In just a few years, this organization saw a 32% reduction in tobacco use among its employees. The multi-model approach really paid off as employees were encouraged to utilize a method of support that worked well for them, such as telephonic lifestyle coaching, online support, print materials and even face-to-face counseling.
Assess the need for education at every step
Even seemingly small changes can have disastrous results if a population is not properly prepared to make a change. A couple years ago I didn't heed my own advice and I removed all unhealthy snacks from the vending machines and replaced them with healthier options before exploring the effect such a dramatic change would have on the employees.
The following week, I was surprised to see some setting up candy shops and swaps in the parking lot. I quickly realized that employees at this organization would need more time and education on the benefits of this wellness initiative before they would be ready to change their behavior.
Create tools for motivating individuals
Accurately assessing your organization's readiness to change and need for education is often only half the battle. Nudging your employees to embrace a wellness culture can be just as great a challenge. I've found that the key to successful implementation and growth of a wellness culture is a balance between individualized motivation, well-designed incentives and team-based support.
Once the initial excitement over the implementation of a wellness program wears off, employees often put wellness on the back burner and quickly revert back to their old ways. One key strategy to combat apathy toward wellness is to set specific wellness goals when the program is implemented and consistently remind employees of their individual and organizational wellness goals and accomplishments.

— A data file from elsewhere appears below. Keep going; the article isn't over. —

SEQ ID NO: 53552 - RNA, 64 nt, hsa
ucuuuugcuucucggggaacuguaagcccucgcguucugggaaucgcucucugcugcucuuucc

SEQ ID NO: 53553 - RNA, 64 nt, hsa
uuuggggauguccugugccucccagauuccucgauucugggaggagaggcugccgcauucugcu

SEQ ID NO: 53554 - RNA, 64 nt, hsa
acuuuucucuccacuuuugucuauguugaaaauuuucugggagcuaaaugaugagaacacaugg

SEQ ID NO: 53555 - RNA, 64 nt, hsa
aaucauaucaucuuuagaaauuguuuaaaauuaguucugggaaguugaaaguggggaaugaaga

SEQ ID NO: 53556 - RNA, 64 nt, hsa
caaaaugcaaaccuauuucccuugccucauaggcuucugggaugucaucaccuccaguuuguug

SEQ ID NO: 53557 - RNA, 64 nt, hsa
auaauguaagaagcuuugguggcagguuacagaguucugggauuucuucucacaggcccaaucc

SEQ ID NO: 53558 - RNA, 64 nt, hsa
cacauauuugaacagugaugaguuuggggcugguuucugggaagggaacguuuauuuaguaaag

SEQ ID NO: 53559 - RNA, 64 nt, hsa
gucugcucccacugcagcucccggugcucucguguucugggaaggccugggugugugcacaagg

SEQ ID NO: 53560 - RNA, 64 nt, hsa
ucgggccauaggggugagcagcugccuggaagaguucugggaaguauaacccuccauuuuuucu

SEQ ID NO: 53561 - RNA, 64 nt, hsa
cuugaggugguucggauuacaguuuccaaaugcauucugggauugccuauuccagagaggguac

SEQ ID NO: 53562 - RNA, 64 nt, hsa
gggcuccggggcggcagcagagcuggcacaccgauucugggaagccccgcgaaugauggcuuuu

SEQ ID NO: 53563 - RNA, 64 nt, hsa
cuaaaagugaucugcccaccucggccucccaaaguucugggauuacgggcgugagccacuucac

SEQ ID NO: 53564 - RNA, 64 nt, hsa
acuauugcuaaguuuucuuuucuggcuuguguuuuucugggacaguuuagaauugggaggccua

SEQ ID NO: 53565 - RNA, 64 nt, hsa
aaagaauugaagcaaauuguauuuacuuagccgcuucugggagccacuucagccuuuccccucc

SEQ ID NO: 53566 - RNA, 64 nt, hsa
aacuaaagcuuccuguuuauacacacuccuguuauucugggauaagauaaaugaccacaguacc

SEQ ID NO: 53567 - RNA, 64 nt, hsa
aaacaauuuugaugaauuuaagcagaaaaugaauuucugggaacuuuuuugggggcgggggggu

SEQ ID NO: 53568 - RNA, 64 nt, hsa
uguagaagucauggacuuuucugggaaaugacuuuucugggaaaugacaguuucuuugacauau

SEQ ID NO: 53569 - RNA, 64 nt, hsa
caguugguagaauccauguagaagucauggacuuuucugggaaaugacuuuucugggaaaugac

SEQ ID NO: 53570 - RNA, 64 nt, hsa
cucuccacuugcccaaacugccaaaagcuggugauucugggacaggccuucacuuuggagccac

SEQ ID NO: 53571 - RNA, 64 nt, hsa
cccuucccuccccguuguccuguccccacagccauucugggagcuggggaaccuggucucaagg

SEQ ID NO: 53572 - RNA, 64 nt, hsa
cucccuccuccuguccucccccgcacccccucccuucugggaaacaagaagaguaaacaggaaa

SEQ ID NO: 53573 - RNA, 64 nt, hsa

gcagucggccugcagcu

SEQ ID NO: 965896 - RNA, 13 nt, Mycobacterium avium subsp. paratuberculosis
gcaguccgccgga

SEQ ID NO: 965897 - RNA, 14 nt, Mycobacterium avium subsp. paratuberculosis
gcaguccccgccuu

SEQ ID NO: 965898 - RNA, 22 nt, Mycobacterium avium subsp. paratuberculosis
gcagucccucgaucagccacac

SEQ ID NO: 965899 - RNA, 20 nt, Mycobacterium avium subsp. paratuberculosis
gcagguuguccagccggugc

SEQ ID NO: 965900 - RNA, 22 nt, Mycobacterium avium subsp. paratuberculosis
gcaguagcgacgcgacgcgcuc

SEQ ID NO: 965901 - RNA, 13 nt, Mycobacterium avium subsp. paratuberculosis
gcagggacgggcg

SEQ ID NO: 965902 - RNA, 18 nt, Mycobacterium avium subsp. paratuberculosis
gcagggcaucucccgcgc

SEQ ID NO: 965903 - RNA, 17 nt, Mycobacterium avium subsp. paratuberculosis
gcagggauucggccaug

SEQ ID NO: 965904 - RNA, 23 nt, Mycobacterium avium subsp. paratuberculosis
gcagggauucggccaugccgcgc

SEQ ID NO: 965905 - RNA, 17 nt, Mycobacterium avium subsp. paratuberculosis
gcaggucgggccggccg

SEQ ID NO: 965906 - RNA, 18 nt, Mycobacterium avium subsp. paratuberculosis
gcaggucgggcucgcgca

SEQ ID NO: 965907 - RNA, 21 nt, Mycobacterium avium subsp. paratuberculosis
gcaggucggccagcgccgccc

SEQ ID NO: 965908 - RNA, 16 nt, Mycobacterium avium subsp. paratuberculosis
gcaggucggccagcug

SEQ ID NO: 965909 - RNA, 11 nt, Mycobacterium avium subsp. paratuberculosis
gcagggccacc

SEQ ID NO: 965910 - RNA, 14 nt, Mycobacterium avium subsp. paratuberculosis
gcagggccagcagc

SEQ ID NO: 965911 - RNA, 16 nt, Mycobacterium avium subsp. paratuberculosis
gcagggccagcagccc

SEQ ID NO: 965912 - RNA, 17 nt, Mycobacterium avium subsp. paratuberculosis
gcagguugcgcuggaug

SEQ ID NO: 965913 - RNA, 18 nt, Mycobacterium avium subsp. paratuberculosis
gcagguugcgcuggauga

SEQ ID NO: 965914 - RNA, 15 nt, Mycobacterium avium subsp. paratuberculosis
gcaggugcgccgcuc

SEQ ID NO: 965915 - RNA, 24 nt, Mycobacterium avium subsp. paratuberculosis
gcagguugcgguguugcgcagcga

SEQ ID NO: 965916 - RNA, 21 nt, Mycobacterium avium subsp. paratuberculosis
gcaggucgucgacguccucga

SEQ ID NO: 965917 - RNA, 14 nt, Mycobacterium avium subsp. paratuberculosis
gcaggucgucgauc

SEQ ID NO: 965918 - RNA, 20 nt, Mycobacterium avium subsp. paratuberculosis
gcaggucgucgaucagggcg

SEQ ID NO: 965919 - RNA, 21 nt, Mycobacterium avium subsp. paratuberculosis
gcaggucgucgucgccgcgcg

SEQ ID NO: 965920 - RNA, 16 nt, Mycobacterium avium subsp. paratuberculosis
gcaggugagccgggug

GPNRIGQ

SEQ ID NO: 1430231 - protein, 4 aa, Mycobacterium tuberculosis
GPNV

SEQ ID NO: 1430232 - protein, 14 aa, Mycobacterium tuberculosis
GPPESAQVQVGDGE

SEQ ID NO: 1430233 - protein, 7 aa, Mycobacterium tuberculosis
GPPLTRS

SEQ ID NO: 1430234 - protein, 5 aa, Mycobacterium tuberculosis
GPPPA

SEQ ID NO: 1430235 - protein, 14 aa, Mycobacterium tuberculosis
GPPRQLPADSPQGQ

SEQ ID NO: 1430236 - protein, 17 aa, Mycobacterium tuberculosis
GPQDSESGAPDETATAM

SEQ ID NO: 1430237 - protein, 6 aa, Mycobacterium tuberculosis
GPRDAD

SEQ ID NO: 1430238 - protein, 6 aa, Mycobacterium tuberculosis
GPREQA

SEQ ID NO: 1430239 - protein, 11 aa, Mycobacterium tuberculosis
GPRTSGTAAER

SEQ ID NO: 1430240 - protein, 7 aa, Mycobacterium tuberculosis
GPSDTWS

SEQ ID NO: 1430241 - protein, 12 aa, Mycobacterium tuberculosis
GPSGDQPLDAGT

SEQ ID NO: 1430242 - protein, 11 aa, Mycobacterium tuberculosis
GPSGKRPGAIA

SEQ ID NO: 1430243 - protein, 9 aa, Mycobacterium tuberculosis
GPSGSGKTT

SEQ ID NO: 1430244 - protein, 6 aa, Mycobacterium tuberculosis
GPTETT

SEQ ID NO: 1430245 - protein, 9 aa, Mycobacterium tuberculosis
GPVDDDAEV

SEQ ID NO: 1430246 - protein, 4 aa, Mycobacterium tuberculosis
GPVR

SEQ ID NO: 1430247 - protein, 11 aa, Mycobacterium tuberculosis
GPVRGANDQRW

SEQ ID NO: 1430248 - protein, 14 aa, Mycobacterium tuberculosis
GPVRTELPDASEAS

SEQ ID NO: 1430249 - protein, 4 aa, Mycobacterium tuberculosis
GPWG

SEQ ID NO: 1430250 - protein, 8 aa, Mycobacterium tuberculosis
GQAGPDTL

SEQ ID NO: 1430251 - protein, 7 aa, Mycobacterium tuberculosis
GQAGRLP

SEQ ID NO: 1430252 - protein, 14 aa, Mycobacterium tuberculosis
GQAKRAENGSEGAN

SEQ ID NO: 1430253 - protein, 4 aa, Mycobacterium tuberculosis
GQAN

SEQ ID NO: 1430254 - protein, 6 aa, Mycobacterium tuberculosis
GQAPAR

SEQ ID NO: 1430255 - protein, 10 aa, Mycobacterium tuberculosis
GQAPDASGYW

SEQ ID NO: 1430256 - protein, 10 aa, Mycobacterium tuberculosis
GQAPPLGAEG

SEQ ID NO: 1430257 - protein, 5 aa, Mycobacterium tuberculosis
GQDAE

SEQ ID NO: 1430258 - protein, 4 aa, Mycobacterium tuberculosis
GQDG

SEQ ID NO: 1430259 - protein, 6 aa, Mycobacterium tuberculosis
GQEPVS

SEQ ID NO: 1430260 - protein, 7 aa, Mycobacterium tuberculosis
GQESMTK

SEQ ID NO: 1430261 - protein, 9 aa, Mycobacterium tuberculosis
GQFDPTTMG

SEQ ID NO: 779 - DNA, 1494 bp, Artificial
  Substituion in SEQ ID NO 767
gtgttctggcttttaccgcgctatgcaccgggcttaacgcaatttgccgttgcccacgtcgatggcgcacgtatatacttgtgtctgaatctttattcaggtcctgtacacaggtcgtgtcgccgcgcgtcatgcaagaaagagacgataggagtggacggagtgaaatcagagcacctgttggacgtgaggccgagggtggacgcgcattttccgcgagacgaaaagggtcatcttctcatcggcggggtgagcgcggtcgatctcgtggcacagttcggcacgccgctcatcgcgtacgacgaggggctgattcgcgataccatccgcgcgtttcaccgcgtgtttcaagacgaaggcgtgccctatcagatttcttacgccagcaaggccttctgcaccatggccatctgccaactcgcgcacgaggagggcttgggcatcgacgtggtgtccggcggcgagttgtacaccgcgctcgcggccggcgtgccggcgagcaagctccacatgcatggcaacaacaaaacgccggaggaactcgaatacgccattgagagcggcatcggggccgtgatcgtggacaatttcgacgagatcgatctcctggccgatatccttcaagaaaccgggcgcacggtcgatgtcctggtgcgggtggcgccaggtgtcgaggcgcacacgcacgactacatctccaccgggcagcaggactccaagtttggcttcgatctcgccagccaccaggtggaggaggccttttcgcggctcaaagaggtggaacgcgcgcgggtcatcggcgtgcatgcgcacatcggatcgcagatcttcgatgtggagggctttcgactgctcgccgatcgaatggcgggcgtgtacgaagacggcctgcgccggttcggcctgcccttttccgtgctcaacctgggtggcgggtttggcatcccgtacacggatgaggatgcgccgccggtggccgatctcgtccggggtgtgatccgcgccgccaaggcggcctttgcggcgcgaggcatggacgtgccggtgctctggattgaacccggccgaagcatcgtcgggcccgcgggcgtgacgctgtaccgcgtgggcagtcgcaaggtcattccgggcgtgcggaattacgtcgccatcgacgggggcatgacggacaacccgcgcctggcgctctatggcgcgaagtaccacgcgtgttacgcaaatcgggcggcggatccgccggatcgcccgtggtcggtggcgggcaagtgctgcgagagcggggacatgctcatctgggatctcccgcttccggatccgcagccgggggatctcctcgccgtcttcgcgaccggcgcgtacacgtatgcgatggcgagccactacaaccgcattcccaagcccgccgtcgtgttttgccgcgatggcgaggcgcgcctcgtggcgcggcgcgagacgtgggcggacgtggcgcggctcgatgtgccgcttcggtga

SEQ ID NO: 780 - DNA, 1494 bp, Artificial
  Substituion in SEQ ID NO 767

By implementing programs that measure individual and organizational progress, your wellness culture can continually play a key role in your employees' everyday lives. Incorporate team support into your program The power of social relationships and team-based support for a culture of wellness cannot be overstated. For long-term benefits, all workplace wellness programs need to incorporate elements that focus on having individuals motivate and encourage each other.
In one company I worked with, weight management was the top priority - 62% of the employees were at risk and 74% of the high risk were ready to change. To encourage weight loss, we implemented a physical activity program that utilized a social networking and engagement strategy to promote a team-based exercise, weight loss and walking competition for employees of all fitness levels.
Employees worked together to increase physical activity and lose weight; supporting, motivating, challenging each other and even reporting outcomes as they achieved both individual and group goals. As part of this program, participants tracked their weight loss, exercise hours and pedometer steps. This ensured that a variety of competitive categories were available for employees of all fitness levels and that participants were focusing on a comprehensive lifestyle change.
The team structure was a hit with more than half of the company's employees enrolling. In the end, the full group of participants lost almost 4,000 pounds total (an average of 5.7 pounds each), walked 8,008 steps per day on average and exercised an average of 44 minutes each day.
Continue to make wellness a priority
In working to establish wellness programs for multiple companies in various lines of business, I've learned that in one form or another, all of these elements are essential to motivating an organization to effectively build wellness into its culture and achieve positive change. While most wellness initiatives start out as a priority for the organization, the most successful ones are those that maintain their momentum and focus on the long-term strategy.
Creating a culture of wellness is the first step; nurturing it for long-term individual and business benefit is the ongoing work of organizational leaders and employees who choose to make wellness a top priority.
About the Author
Colleen Reilly is the founder and president of Total Well-Being, a leading provider of workplace wellness programs with a holistic approach to wellness-providing services that motivate employees to achieve their physical, financial, personal and professional wellness goals.